05_arrays (1)

05_arrays (1) - Java 211 Yosef Mendelsohn ARRAYS Often, we...

Info iconThis preview shows pages 1–4. Sign up to view the full content.

View Full Document Right Arrow Icon
Java 211 – Yosef Mendelsohn ARRAYS Often, we may want to organize a group of data together. For example, supposing we wish to gather 100 scores on a final exam together. We could declare 100 different variables each with their own name, but this is hardly an elegant solution. Instead, we can use a construct called an ‘array’ which allows us to group multiple values (of any data type) under a single variable name. For example, to declare an array of 100 exam scores together, I could do the following: //declaring an array of 100 integers int[] scores; //creating an array reference scores = new int[100]; //creating the array object Note: In Java, arrays are objects . In other words, the identifier ‘scores’ is NOT a primitive data type of int. Instead, it is a an object that holds a group (array) of integers. This concept will become increasingly important – and useful – as we become more advanced in our use of arrays. The array called ‘scores’ defined earlier can now hold 100 integer values. To insert values into the scores array I could type the following scores[0] = 89; scores[1] = 93; scores[2] = 71;
Background image of page 1

Info iconThis preview has intentionally blurred sections. Sign up to view the full version.

View Full DocumentRight Arrow Icon
scores[99] = 83; Notice how the first element of the array is called scores[0] (spoken as “scores sub zero”), and the last element of the array is called scores[99]. The point is that arrays range from 0 to the declared size of the array minus one . So an array of declared size 85 has indexes ranging from 0 to 84. Recall also that arrays are objects. This is why we needed to use the ‘new’ operator to create the array. So an array is simply a list of values grouped under one identifier . All the elements of the array must be of the same data type. Arrays can store any type of data: You can have an array of ANY type you want. Eg: An array of int, double, char, String, etc. You can even have an array of arrays (of arrays). Okay, that last one’s just mean… but it is perfectly legal! double[] gymnasticScores = new double[10]; char[] letterGrades = new char[25]; String[] studentNames = new String[25]; Arrays and loops: Because arrays are lists of values, we frequently want to iterate through the list. For example, we may want to output every value in the array to the screen. Or we may wish to check to see if a certain value is present in the array. Or we may wish to check how many times a certain value is present in the array. The possibilities are endless.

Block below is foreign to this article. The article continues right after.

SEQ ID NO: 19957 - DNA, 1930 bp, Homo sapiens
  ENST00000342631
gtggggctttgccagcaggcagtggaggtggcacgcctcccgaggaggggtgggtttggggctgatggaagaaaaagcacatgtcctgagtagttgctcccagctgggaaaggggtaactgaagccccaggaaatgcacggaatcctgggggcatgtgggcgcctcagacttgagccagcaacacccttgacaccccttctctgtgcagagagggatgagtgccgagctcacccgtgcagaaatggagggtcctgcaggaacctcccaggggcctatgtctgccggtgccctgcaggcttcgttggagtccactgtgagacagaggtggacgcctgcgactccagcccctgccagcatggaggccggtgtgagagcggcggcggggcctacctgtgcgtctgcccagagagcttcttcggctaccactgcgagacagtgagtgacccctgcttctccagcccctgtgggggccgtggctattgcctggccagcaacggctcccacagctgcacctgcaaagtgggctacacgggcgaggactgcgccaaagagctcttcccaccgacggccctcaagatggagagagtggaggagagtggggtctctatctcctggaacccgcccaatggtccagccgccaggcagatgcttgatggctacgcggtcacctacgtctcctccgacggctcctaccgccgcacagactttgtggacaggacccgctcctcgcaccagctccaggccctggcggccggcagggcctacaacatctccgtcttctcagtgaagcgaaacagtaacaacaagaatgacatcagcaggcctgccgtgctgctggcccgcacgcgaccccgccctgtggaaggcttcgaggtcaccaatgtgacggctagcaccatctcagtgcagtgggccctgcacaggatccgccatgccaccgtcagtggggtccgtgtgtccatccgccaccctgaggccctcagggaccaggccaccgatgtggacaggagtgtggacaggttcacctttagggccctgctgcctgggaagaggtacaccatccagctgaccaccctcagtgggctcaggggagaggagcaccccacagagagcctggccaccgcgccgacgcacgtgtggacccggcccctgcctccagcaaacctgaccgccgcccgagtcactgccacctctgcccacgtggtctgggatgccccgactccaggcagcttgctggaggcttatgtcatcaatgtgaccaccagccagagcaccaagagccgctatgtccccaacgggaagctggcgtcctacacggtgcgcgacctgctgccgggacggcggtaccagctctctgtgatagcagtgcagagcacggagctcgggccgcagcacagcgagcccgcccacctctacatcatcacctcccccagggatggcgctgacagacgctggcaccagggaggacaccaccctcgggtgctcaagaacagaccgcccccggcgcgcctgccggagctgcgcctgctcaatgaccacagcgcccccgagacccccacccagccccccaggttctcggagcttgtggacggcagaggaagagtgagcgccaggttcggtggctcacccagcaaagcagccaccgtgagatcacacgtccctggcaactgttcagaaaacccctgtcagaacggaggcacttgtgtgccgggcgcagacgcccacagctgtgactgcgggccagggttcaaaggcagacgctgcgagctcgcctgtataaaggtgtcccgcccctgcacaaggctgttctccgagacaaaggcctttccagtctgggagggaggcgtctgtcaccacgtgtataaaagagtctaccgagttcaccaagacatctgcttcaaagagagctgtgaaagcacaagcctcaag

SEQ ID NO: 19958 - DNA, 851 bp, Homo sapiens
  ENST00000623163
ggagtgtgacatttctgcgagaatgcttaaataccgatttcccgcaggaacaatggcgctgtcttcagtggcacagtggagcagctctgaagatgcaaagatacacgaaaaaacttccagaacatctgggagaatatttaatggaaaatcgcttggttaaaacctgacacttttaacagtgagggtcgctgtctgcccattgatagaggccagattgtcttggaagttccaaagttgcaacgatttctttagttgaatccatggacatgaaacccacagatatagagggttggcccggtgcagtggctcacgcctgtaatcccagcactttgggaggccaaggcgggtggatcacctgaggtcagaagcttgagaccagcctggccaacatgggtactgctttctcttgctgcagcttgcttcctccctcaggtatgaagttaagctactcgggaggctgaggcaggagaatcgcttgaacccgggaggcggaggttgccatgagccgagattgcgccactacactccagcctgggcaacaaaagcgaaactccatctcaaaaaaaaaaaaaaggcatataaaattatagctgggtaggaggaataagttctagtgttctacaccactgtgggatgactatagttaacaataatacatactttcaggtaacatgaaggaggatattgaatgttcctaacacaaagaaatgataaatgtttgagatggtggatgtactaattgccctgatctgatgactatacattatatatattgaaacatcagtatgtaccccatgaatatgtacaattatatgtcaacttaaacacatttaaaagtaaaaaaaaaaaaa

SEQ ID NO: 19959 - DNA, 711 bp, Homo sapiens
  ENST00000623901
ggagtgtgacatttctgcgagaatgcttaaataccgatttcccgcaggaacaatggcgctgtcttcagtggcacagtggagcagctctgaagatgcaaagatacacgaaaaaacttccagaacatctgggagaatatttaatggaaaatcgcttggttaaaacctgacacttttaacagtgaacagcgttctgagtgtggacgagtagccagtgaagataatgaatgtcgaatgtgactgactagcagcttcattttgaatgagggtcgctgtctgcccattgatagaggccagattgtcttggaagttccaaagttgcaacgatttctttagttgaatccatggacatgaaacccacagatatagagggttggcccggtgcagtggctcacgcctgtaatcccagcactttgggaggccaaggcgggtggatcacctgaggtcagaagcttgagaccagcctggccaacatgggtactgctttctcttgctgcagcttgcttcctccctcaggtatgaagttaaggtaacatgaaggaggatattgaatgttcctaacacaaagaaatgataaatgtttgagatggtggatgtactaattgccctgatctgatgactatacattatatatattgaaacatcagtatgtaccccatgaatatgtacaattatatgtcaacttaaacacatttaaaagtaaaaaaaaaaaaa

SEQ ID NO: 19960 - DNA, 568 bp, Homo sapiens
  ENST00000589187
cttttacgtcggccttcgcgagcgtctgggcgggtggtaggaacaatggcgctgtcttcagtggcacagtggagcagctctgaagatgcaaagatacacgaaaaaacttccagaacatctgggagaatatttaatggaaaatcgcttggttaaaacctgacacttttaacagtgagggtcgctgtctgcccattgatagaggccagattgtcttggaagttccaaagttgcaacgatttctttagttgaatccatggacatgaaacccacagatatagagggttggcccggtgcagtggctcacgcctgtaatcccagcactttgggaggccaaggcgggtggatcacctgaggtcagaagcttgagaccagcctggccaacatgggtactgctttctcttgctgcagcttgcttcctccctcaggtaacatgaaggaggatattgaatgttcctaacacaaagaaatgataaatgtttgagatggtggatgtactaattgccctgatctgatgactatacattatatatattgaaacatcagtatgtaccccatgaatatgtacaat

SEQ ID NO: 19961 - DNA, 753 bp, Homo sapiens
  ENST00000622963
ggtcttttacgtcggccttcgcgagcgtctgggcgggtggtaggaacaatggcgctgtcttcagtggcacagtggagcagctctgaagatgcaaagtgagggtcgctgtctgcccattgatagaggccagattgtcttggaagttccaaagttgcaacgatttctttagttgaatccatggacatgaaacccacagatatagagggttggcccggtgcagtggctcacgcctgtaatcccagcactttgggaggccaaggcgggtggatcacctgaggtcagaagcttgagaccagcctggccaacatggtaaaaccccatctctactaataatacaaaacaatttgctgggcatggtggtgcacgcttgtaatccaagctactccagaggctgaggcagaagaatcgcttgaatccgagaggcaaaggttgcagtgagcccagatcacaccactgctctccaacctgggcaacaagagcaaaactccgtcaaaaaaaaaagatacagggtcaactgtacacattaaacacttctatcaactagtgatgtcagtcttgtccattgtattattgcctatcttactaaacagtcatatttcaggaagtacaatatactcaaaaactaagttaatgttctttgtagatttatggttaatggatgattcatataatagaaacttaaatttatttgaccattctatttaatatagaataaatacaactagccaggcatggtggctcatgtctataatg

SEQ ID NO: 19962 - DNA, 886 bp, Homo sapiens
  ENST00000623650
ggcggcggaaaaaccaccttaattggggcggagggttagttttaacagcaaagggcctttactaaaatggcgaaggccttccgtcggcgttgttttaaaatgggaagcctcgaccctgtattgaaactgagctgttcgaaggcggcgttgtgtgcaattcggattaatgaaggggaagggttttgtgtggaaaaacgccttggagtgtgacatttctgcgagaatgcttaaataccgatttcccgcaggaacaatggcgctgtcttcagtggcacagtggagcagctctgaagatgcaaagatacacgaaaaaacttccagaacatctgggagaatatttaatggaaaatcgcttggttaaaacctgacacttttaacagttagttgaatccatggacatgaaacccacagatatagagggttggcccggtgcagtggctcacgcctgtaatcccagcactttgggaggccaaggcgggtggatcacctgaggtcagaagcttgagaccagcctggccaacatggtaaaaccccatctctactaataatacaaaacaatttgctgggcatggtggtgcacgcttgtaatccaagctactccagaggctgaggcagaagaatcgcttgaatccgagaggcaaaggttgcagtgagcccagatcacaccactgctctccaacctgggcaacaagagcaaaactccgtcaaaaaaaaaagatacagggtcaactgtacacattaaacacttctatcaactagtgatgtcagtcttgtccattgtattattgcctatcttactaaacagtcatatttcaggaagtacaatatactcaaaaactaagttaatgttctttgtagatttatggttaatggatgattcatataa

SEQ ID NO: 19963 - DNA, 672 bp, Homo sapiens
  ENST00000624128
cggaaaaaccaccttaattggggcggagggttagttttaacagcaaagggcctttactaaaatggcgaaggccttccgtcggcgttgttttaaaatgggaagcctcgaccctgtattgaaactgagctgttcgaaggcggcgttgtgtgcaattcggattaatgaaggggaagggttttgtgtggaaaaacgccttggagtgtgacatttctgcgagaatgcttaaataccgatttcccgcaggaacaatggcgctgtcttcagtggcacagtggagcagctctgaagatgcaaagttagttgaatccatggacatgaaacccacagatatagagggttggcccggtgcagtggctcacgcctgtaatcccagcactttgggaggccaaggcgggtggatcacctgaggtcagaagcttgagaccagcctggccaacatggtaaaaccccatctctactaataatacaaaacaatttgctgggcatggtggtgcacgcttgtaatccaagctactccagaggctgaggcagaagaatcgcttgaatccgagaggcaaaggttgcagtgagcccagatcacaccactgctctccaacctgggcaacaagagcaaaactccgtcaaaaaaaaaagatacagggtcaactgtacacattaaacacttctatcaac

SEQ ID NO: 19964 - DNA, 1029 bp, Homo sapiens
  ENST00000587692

Background image of page 2
For this reason, arrays go hand-in-hand with loops. For example, to output all elements of the scores array described above, we could use a loop such as this one: for (int j=0; j<100; j++) System.out.println( scores[j] ); This type of behavior, where you iterate through an entire array doing things such as
Background image of page 3

Info iconThis preview has intentionally blurred sections. Sign up to view the full version.

View Full DocumentRight Arrow Icon
Image of page 4
This is the end of the preview. Sign up to access the rest of the document.

Page1 / 7

05_arrays (1) - Java 211 Yosef Mendelsohn ARRAYS Often, we...

This preview shows document pages 1 - 4. Sign up to view the full document.

View Full Document Right Arrow Icon
Ask a homework question - tutors are online